Pyro WInXP TRIM support
I noticed the following blurb at Newegg:
TRIM SUPPORT The Wildfire Series SSDs offer native TRIM support featured in the latest versions of Windows. It is specifically designed to maintain the performance of the SSD over the lifetime of the drive. The TRIM feature functions by actively deleting invalid data from the SSD’s memory cells to ensure that write operations perform at full speed. Since a memory block must be erased before it can be re-programmed, TRIM improves performance by pro-actively erasing pages containing invalid data, allowing the SSD to write new data without first having to perform a time-consuming erase command.
Patriot was working on a program to provide TRIM support for the TORQX drives in WinXP but that has been in beta in for months now.
When I switched form TORQX2 to the Pyro SE drive, I inquried about the availablility of TRIM support in WinXP.
BUT Patriot support has told me that Patriot does not have any TRIM code availabe at all (beta or not) for the Pyro series of drives. Apparently, the drive controller is different on the Pyro from the TORQX2, so the beta TRIM code for WinXP that has been mentioned here will not work on the Pyro drives.
This looks like it is going to lead to problems down the road. Based on the info stated in the blurb above, a TRIM program is needed to support the Pyro drives in WinXP.
You can try using the same tool for the Torqx 2
Originally Posted by Jojo
http://patriotmemory.com/support/driversp.jsp (Torqx 2 Trim tool). It'll work for any drive with a partition on it. Another preventative maintenance feature on the drive is Garbage collection. This activates by simply letting the drive idle overnight.
Originally Posted by Patriot_Ben
Unfortunately at the moment we do not have a TRIM tool for windows xp and our Pyro/PyroSE/wildfire drives. I am having an engineer check to see if this TRIM tool will work for the Pyro but he is stating that the controllers are different and it may not work.
He is checking to see if there is a TRIM tool we can get for our sandforce drives.
Sophannara (Tom) Sok
I leave this machine running 24x7x365 so it is idle overnight.
But HOW does the drive know when to invoke its garbage collection routines and how often to do so? The drive doesn't know when it is "night". Does it kick these routines off when the drive is idle for a period of time? How long does garbage collection take to run?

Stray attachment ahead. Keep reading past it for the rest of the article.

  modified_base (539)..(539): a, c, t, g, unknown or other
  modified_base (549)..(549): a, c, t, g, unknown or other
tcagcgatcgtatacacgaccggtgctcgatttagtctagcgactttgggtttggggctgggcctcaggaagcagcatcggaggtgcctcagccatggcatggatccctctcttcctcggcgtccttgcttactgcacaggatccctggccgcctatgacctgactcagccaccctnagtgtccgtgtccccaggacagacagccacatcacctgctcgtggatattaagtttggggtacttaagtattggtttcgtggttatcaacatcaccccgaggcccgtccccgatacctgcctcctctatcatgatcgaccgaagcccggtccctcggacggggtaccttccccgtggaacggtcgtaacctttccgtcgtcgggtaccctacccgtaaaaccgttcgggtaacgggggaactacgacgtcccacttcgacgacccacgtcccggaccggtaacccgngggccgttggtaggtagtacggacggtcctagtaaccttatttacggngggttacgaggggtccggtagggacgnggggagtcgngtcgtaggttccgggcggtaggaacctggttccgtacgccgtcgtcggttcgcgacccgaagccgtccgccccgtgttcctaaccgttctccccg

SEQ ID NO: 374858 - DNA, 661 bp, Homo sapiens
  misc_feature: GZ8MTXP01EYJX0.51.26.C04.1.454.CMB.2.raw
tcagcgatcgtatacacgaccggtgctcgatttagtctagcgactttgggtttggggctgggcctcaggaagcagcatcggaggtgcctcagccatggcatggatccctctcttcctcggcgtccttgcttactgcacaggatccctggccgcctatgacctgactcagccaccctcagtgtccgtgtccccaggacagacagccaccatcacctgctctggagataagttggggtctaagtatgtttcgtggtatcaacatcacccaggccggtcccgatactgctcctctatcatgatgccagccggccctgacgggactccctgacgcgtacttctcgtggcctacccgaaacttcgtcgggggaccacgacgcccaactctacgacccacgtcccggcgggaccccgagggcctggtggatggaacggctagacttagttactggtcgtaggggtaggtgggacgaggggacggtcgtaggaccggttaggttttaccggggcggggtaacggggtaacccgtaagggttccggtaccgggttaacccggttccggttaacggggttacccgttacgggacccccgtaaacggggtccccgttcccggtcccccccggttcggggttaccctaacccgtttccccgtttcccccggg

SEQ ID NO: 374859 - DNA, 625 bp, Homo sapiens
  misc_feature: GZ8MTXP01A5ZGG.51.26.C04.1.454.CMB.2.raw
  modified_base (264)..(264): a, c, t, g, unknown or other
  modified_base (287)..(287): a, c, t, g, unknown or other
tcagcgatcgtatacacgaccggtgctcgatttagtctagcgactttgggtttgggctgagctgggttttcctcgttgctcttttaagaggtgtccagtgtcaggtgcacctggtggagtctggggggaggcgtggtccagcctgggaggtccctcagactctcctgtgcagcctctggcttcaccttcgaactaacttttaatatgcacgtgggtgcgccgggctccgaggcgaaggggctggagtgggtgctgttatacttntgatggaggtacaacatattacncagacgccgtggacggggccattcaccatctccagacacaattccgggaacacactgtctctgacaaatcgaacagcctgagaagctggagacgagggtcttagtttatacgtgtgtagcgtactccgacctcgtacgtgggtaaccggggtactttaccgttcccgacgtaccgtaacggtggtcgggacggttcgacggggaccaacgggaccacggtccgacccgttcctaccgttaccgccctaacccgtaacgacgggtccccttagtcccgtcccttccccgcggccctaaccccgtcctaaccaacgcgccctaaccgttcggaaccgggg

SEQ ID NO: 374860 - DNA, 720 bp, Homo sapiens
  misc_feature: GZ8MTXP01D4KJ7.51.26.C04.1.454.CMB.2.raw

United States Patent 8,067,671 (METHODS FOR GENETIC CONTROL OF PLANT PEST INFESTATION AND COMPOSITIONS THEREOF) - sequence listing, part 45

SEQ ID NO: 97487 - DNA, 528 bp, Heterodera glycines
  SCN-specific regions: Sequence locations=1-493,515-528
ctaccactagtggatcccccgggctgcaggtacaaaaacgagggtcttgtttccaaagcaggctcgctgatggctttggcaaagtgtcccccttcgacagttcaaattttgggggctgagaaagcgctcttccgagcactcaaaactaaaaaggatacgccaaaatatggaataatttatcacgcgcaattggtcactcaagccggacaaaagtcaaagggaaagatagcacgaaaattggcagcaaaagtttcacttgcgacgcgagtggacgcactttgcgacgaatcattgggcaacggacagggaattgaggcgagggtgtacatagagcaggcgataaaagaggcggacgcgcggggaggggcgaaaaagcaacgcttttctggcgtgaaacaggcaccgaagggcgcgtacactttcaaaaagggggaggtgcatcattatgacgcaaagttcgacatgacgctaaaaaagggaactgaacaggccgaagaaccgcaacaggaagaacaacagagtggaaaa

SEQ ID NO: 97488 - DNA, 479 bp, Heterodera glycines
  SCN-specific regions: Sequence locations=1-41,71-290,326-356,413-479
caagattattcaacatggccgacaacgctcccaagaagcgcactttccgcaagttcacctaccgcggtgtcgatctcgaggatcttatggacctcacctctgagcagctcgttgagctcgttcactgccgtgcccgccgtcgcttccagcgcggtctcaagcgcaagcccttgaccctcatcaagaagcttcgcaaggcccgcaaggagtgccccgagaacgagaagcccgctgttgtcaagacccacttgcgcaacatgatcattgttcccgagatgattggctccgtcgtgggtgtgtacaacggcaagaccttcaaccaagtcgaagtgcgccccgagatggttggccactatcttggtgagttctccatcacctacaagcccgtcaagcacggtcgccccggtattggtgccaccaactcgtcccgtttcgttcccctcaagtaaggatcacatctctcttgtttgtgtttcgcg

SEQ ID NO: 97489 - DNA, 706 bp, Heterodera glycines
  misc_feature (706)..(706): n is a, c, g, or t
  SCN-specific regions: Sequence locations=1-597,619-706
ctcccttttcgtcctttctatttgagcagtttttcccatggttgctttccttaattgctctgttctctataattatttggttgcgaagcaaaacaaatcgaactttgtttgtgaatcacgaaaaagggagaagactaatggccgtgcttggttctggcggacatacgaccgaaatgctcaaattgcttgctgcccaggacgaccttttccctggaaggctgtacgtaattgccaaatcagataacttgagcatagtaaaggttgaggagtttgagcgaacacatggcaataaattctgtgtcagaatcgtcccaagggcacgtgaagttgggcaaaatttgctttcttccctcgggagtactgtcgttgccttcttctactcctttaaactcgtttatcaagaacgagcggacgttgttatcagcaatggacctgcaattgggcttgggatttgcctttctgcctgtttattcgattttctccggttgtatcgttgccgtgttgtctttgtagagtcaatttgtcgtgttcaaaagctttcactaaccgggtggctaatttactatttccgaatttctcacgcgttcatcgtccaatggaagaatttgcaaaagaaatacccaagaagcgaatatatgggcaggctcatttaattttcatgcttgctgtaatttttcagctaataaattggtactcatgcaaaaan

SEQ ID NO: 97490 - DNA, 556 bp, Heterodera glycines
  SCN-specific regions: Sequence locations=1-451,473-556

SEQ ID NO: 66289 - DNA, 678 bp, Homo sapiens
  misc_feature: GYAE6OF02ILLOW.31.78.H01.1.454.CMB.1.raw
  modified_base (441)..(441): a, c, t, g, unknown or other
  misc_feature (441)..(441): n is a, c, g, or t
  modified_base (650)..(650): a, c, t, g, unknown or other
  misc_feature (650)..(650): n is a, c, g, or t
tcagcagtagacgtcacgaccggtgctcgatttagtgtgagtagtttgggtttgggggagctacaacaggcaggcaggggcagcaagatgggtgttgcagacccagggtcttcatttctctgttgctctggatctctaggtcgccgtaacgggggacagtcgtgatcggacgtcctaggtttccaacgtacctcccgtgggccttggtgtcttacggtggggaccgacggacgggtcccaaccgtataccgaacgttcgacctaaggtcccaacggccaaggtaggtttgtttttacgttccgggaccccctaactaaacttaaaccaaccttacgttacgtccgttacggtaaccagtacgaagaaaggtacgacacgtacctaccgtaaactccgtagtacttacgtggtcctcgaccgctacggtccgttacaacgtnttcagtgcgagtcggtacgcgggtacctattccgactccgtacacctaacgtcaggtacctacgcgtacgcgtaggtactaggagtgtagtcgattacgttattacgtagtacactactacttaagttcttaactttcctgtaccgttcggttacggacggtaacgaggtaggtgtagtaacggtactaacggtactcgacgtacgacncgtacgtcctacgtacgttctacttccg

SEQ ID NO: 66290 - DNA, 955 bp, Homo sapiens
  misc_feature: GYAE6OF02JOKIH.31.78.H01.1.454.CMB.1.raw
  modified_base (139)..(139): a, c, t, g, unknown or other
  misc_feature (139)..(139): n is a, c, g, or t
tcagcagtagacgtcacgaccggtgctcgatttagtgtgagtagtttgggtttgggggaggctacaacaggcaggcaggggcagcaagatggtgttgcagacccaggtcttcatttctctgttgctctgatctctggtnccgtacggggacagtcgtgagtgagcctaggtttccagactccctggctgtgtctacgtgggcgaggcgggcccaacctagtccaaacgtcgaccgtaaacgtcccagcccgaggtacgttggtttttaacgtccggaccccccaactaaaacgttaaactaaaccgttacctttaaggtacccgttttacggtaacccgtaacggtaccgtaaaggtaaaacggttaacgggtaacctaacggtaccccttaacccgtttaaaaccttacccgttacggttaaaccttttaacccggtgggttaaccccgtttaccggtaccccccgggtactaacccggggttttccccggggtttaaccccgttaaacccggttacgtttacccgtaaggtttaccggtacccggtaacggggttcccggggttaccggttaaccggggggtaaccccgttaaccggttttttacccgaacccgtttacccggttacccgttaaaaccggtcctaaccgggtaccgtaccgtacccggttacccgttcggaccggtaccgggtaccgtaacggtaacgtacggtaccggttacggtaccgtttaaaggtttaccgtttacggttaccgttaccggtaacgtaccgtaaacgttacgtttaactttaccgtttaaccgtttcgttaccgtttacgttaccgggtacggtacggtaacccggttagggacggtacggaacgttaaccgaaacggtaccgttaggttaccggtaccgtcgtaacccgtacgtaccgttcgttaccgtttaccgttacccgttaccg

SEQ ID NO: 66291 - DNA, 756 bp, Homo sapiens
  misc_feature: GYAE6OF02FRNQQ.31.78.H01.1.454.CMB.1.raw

Garbage collection is a separate process from TRIM. On sandforce drives, TRIM marks sectors for eventual garbage collection, but does not perform it. Sectors can also be marked for garbage collection whenever they are overwritten. Whenever a sector is overwritten, the drive writes this sector to a new location on the NAND. The old location containing the data that was overwritten is marked for garbage collection.
Originally Posted by Jojo
This is why most SSDs have a somewhat lower formatted capacity then their RAW NAND quantity. This extra space can be used to fullfil write requests once a drive has used all its LBAs, leaving cleanup of the old copies to the garbage collector.
The garbage collector performs static and dynamic wear leveling by combining and rewriting used blocks and erasing unused blocks so the OS can write again. Garbage collection is normally done while the drive is idle, but can be triggered by writes if blank erased NAND gets too low.
For systems without TRIM running sandforce drives, I suggest the following:
a) If you have a heavy and random write load, secure erase the drive, then partition the first 80% of the drive and use that only. This gives the drive extra space when all LBAs in the partition are used, so garbage collection is easier for the drive and write performance is maintained.
b) If you have a light or highly sequential write load, you can probably use the full capacity without worry.
Using a tool to manually TRIM a sandforce drive is probably a last resort kind of thing, in case you used the full capacity of the drive without realizing your write workload is heavier then you wanted. The goal you should be aiming for is to have the drive live its life without requiring manual maintanence